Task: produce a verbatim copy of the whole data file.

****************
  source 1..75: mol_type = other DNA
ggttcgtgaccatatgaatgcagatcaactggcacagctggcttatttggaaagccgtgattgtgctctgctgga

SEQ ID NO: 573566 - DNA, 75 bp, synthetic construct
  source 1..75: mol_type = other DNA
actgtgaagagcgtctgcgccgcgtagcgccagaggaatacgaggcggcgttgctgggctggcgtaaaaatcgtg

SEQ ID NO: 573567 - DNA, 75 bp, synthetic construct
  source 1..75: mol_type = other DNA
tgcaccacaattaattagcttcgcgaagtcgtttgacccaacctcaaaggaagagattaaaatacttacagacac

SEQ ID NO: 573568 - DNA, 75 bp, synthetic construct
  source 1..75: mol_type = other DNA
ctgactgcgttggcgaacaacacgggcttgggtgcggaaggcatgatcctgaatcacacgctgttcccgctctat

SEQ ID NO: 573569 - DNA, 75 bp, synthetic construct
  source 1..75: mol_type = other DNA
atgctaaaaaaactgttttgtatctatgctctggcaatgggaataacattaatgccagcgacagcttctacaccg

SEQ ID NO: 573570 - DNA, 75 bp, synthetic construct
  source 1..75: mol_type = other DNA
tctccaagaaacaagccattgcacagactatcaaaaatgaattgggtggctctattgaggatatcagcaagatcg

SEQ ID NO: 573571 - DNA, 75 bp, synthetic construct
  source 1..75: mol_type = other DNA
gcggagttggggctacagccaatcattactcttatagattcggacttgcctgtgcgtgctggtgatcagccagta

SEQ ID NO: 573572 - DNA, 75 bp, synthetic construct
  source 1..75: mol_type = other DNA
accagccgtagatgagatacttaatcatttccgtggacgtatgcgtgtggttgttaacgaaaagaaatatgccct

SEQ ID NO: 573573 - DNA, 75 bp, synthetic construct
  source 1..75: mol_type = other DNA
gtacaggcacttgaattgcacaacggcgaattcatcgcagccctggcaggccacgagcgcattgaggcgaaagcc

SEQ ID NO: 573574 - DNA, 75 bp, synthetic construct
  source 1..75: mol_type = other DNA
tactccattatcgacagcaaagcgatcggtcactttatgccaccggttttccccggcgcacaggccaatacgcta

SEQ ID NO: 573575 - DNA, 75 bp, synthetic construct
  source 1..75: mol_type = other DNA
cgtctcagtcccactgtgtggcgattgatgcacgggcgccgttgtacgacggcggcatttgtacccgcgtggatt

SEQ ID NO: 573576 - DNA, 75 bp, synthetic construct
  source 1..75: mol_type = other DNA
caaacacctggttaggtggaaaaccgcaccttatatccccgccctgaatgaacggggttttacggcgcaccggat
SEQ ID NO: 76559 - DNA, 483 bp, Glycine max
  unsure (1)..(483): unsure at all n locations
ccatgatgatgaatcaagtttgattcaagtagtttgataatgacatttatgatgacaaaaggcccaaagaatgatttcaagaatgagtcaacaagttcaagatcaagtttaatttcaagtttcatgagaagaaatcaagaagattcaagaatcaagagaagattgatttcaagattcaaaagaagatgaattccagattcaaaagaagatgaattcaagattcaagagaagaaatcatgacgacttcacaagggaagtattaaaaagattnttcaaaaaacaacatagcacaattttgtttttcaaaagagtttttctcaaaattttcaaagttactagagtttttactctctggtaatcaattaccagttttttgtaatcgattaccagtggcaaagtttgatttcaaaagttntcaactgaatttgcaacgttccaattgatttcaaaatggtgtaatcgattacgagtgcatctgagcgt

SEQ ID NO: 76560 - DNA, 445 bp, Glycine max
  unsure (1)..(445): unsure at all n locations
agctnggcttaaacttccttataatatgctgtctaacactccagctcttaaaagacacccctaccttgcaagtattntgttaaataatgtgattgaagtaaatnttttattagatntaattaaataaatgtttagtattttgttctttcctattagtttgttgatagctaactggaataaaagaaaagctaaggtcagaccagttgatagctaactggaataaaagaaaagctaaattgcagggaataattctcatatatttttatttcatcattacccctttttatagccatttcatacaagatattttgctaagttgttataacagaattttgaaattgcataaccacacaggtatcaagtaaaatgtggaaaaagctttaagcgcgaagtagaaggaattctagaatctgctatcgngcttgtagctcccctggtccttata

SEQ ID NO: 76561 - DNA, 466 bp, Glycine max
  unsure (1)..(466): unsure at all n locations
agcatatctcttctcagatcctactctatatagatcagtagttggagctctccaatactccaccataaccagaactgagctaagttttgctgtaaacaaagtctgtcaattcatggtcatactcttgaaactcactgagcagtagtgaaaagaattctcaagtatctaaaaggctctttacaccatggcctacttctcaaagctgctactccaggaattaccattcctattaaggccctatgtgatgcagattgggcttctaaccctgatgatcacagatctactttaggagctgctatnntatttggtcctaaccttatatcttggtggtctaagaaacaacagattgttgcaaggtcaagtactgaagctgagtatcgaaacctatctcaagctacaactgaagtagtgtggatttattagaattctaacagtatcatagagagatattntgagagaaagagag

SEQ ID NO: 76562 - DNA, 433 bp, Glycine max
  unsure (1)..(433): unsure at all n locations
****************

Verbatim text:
  source 1..75: mol_type = other DNA
ggttcgtgaccatatgaatgcagatcaactggcacagctggcttatttggaaagccgtgattgtgctctgctgga

SEQ ID NO: 573566 - DNA, 75 bp, synthetic construct
  source 1..75: mol_type = other DNA
actgtgaagagcgtctgcgccgcgtagcgccagaggaatacgaggcggcgttgctgggctggcgtaaaaatcgtg

SEQ ID NO: 573567 - DNA, 75 bp, synthetic construct
  source 1..75: mol_type = other DNA
tgcaccacaattaattagcttcgcgaagtcgtttgacccaacctcaaaggaagagattaaaatacttacagacac

SEQ ID NO: 573568 - DNA, 75 bp, synthetic construct
  source 1..75: mol_type = other DNA
ctgactgcgttggcgaacaacacgggcttgggtgcggaaggcatgatcctgaatcacacgctgttcccgctctat

SEQ ID NO: 573569 - DNA, 75 bp, synthetic construct
  source 1..75: mol_type = other DNA
atgctaaaaaaactgttttgtatctatgctctggcaatgggaataacattaatgccagcgacagcttctacaccg

SEQ ID NO: 573570 - DNA, 75 bp, synthetic construct
  source 1..75: mol_type = other DNA
tctccaagaaacaagccattgcacagactatcaaaaatgaattgggtggctctattgaggatatcagcaagatcg

SEQ ID NO: 573571 - DNA, 75 bp, synthetic construct
  source 1..75: mol_type = other DNA
gcggagttggggctacagccaatcattactcttatagattcggacttgcctgtgcgtgctggtgatcagccagta

SEQ ID NO: 573572 - DNA, 75 bp, synthetic construct
  source 1..75: mol_type = other DNA
accagccgtagatgagatacttaatcatttccgtggacgtatgcgtgtggttgttaacgaaaagaaatatgccct

SEQ ID NO: 573573 - DNA, 75 bp, synthetic construct
  source 1..75: mol_type = other DNA
gtacaggcacttgaattgcacaacggcgaattcatcgcagccctggcaggccacgagcgcattgaggcgaaagcc

SEQ ID NO: 573574 - DNA, 75 bp, synthetic construct
  source 1..75: mol_type = other DNA
tactccattatcgacagcaaagcgatcggtcactttatgccaccggttttccccggcgcacaggccaatacgcta

SEQ ID NO: 573575 - DNA, 75 bp, synthetic construct
  source 1..75: mol_type = other DNA
cgtctcagtcccactgtgtggcgattgatgcacgggcgccgttgtacgacggcggcatttgtacccgcgtggatt

SEQ ID NO: 573576 - DNA, 75 bp, synthetic construct
  source 1..75: mol_type = other DNA
caaacacctggttaggtggaaaaccgcaccttatatccccgccctgaatgaacggggttttacggcgcaccggat
SEQ ID NO: 76559 - DNA, 483 bp, Glycine max
  unsure (1)..(483): unsure at all n locations
ccatgatgatgaatcaagtttgattcaagtagtttgataatgacatttatgatgacaaaaggcccaaagaatgatttcaagaatgagtcaacaagttcaagatcaagtttaatttcaagtttcatgagaagaaatcaagaagattcaagaatcaagagaagattgatttcaagattcaaaagaagatgaattccagattcaaaagaagatgaattcaagattcaagagaagaaatcatgacgacttcacaagggaagtattaaaaagattnttcaaaaaacaacatagcacaattttgtttttcaaaagagtttttctcaaaattttcaaagttactagagtttttactctctggtaatcaattaccagttttttgtaatcgattaccagtggcaaagtttgatttcaaaagttntcaactgaatttgcaacgttccaattgatttcaaaatggtgtaatcgattacgagtgcatctgagcgt

SEQ ID NO: 76560 - DNA, 445 bp, Glycine max
  unsure (1)..(445): unsure at all n locations
agctnggcttaaacttccttataatatgctgtctaacactccagctcttaaaagacacccctaccttgcaagtattntgttaaataatgtgattgaagtaaatnttttattagatntaattaaataaatgtttagtattttgttctttcctattagtttgttgatagctaactggaataaaagaaaagctaaggtcagaccagttgatagctaactggaataaaagaaaagctaaattgcagggaataattctcatatatttttatttcatcattacccctttttatagccatttcatacaagatattttgctaagttgttataacagaattttgaaattgcataaccacacaggtatcaagtaaaatgtggaaaaagctttaagcgcgaagtagaaggaattctagaatctgctatcgngcttgtagctcccctggtccttata

SEQ ID NO: 76561 - DNA, 466 bp, Glycine max
  unsure (1)..(466): unsure at all n locations
agcatatctcttctcagatcctactctatatagatcagtagttggagctctccaatactccaccataaccagaactgagctaagttttgctgtaaacaaagtctgtcaattcatggtcatactcttgaaactcactgagcagtagtgaaaagaattctcaagtatctaaaaggctctttacaccatggcctacttctcaaagctgctactccaggaattaccattcctattaaggccctatgtgatgcagattgggcttctaaccctgatgatcacagatctactttaggagctgctatnntatttggtcctaaccttatatcttggtggtctaagaaacaacagattgttgcaaggtcaagtactgaagctgagtatcgaaacctatctcaagctacaactgaagtagtgtggatttattagaattctaacagtatcatagagagatattntgagagaaagagag

SEQ ID NO: 76562 - DNA, 433 bp, Glycine max
  unsure (1)..(433): unsure at all n locations